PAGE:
Ghazal 77, Verse 9x


us ((amal me;N ((aish kii la;z;zat nahii;N miltii asad
zor nisbat mai se rakhtaa hai na.saaraa kaa namak

1) in that act the relish/taste of luxury/enjoyment is not available, Asad
2) powerfully, it maintains a relationship with wine-- the 'salt' of the Christians


zor : 'Strength, power, vigour, virtue; force, strong effort, exertion, strain; stress; weight; violence; coercion; —adv. Vigorously, powerfully; violently, forcibly; extremely, very'. (Platts p.619)


nisbat : 'Referring (to, - se ); deriving (from); —reference, respect, regard (to); attribute; relation, connexion; affinity; analogy; comparison; —ratio; proportion; ... —a relation, or connexion; —a conundrum'. (Platts p.1137)


na.saaraa : 'Arabic: ... —(pl. of na.sraan ), Nazarenes, Christians'. (Platts p.1142)


Now the scribe/copyist has become a chronically shameless debauchee [that is, the text has been miscopied]. [Zamin's text has a.zaaraa .] Now the verse is to be rejected [matruuk].

== Zamin, p. 209

Gyan Chand:

By 'in this action' wine-drinking is meant, but it's not clear what is meant by na.saaraa kaa namak . I met with Malik Ram Sahib and Qazi Abd ul-Vudud Sahib, and inquired about the meaning of this construction. They too did not know. Arshi Sahib wrote down the meaning of this verse and sent it to me:

(1) 'By na.saaraa kaa namak is meant the pension that Ghalib always used to receive. It was very small, so that it was impossible for Ghalib to arrange for wine-drinking to his heart's content. Thus it was as if the 'Christians' salt' that he ate, instead of increasing the relish of luxury/enjoyment, acted the way salt acts if put in wine-- that is, the intoxication of the wine is ended and it turns to vinegar.'

This is quite a fine commentary, but it has the small problem/flaw that this verse is from the Nuskhah-e Bhopal-- that is, before 1821. At that time, Ghalib did not receive a pension directly from the English. He had various sources of income, so it's very doubtful whether at that time he would make a complaint about eating the salt of the English.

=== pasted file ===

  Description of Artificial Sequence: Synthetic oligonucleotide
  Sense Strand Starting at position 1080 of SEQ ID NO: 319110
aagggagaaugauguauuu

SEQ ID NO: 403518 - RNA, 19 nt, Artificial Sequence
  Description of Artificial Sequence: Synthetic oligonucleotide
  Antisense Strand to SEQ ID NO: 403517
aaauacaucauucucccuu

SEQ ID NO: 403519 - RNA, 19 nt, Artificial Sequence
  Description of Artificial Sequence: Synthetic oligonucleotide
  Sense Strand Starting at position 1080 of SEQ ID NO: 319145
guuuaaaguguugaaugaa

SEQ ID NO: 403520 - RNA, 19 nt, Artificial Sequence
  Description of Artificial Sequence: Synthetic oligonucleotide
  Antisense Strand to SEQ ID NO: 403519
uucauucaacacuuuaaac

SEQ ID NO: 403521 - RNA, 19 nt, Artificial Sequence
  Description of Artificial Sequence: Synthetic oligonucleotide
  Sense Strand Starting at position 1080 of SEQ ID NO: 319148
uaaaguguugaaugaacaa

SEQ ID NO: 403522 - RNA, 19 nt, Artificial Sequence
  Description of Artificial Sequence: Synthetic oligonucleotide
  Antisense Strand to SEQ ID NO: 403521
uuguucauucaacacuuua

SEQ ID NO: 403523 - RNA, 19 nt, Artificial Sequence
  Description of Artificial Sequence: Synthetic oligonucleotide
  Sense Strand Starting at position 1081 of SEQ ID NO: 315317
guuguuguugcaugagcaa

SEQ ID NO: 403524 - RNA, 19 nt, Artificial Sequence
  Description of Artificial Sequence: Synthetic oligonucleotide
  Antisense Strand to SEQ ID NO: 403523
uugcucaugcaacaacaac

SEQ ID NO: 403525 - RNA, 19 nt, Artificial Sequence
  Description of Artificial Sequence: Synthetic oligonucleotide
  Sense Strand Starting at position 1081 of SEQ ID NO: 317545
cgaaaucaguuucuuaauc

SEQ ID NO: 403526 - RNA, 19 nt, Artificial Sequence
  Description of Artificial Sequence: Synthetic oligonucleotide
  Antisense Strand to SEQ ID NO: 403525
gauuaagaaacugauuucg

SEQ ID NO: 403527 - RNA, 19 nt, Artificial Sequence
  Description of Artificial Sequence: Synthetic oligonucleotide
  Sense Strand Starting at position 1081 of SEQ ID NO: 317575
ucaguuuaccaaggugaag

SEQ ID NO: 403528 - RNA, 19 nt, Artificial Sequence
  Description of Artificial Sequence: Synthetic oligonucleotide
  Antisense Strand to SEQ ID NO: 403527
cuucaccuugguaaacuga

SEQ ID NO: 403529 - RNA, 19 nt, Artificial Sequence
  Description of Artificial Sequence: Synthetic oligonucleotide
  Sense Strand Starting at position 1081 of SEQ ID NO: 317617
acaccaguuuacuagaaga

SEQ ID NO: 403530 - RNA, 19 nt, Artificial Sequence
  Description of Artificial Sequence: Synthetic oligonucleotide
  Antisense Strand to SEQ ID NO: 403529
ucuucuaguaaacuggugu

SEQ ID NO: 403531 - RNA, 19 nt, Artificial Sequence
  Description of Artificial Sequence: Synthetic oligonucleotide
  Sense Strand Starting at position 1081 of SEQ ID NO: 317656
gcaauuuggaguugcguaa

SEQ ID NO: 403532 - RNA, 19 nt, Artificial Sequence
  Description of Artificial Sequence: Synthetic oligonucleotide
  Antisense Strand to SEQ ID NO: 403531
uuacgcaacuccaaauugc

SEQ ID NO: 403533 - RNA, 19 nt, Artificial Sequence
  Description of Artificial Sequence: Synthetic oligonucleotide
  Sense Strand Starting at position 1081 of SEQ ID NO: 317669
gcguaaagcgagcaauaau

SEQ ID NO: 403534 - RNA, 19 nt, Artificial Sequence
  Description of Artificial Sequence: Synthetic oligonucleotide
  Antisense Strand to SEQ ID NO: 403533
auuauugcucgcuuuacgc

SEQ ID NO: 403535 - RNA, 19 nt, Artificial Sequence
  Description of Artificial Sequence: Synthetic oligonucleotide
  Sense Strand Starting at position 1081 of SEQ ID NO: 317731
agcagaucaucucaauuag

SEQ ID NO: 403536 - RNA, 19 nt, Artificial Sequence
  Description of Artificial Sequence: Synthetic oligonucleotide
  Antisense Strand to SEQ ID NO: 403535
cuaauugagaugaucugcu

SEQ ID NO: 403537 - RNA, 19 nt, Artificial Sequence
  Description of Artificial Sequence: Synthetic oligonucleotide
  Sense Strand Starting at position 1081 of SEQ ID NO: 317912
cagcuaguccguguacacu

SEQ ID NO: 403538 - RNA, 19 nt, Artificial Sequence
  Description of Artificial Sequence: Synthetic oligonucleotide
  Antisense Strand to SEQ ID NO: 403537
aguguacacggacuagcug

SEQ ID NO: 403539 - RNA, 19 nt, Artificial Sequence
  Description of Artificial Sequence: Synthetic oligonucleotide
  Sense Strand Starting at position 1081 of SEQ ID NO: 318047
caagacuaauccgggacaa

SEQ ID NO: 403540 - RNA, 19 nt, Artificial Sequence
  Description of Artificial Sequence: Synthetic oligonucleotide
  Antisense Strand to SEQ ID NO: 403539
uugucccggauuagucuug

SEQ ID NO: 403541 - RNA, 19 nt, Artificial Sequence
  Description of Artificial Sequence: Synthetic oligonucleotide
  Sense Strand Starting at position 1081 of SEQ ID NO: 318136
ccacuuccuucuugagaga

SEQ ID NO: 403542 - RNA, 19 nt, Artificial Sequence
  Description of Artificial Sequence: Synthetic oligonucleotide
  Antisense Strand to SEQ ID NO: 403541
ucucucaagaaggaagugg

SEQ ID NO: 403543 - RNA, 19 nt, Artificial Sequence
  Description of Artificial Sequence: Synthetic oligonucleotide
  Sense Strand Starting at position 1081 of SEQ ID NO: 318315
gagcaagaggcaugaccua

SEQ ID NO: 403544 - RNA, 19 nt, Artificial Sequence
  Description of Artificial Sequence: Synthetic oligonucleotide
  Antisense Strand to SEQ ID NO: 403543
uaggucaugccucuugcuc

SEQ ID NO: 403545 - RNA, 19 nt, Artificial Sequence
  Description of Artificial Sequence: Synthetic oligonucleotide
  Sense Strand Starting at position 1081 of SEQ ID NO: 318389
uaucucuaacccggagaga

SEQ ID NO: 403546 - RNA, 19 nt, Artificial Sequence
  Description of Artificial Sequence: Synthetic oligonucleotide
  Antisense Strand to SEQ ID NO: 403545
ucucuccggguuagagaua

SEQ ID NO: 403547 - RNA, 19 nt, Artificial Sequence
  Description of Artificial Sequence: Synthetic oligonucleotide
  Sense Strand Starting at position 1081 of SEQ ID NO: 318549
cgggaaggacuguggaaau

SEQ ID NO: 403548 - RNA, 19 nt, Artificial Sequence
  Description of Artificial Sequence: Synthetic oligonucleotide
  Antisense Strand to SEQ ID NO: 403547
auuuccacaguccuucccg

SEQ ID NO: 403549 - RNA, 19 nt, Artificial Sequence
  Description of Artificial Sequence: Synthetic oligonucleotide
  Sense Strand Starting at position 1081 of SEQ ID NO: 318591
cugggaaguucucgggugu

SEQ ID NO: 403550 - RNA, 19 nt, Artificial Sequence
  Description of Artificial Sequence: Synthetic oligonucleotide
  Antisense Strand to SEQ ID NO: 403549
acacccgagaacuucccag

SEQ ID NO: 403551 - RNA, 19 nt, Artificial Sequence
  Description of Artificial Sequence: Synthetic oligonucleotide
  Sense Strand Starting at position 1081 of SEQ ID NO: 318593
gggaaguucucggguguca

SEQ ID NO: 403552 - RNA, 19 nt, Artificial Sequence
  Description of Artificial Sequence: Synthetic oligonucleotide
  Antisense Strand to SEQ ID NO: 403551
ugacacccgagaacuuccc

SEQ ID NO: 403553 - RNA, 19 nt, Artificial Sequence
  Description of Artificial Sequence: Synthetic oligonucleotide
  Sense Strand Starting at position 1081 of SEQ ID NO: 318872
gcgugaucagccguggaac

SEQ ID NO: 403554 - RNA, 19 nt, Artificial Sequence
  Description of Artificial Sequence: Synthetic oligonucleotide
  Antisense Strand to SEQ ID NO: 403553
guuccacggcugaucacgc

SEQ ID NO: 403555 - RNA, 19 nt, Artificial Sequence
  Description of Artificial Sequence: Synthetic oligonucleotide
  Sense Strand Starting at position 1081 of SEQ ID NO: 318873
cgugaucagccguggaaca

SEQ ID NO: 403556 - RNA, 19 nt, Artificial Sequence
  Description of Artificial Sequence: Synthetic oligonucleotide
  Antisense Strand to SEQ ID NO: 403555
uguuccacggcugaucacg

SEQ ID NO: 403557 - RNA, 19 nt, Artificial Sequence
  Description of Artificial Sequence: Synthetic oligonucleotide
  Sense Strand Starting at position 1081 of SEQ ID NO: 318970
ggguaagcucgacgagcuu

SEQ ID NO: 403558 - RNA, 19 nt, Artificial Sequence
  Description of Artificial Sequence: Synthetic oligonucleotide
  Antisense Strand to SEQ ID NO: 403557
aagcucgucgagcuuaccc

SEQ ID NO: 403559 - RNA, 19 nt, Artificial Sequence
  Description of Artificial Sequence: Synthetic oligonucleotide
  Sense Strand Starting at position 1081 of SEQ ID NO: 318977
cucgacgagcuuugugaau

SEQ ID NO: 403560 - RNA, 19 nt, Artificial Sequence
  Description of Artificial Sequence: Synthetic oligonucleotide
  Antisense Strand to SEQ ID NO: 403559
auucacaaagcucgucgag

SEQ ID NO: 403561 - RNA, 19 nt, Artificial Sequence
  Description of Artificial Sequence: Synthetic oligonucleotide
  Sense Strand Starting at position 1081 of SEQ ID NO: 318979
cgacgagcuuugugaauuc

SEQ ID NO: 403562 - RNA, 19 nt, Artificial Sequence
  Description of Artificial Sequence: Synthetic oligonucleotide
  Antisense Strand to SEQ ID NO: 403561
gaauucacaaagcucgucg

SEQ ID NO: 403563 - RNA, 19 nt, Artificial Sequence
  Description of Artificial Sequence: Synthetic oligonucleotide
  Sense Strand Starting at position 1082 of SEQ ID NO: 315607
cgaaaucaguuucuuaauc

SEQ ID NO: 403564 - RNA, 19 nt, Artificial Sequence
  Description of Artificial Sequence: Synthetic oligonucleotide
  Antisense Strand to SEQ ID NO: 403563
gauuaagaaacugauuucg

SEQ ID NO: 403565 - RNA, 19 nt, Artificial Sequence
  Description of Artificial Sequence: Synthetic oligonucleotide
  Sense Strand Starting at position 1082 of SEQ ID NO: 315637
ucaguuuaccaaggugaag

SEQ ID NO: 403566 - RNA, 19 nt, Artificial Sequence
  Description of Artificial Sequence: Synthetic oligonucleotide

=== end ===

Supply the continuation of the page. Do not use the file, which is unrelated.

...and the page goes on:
Another meaning can be this:

(2) By na.saaraa kaa namak is meant the 'salt' of the beauty of lovely Christians. Later in Calcutta, Ghalib cast a very desirous eye on the beauty of 'Mems' [=' mem-.saa;hib ', western women], as is seen in his Persian masnavis. Certainly in Delhi too he will have seen some English beauties. The problem/flaw is that in their fairness, where is the 'saltiness'/savor [malaa;hat]? In any case, in the act of wine-drinking I don't obtain relish/taste unless some salty snack [namkiin nuql] would be with it. The 'salty snack' of Christian beauties has a deep relationship with wine. If this 'salt' would be available to be given along with wine-drinking, then the relish/taste of luxury/enjoyment would be obtained.

== Gyan Chand, pp. 237-238


WINE: {49,1}

For background see S. R. Faruqi's choices. This verse is NOT one of his choices; for its unusual interest, and also for the sake of completeness, I have added it myself. For more on Ghalib's unpublished verses, see the discussion in {4,8x}.

In general, Gyan Chand is the one indispensable commentator on the unpublished verses, and here we can see why. When he is baffled, he consults well-known scholars in the field; he treats the resulting ('natural poetry') thoughts politely but not uncritically. Then he provides his own best interpretation, and for that too he presents its problem/flaw [qabaa;hat] along with the points in its favor. This is one of all too few examples of the best kind of commentarial process in action, and I cherish it-- and Gyan Chand-- accordingly. The verse is not exactly clear, and I certainly can't come up with a better interpretation than his.

Nowhere in the published divan does Ghalib mention 'Christians', and for that reason alone this verse is worth our attention. The appeal of a tawny or 'salty' beauty versus that of a fair ('creamy') complexion is explored at length, with many examples, by Faruqi in M{1815,2}.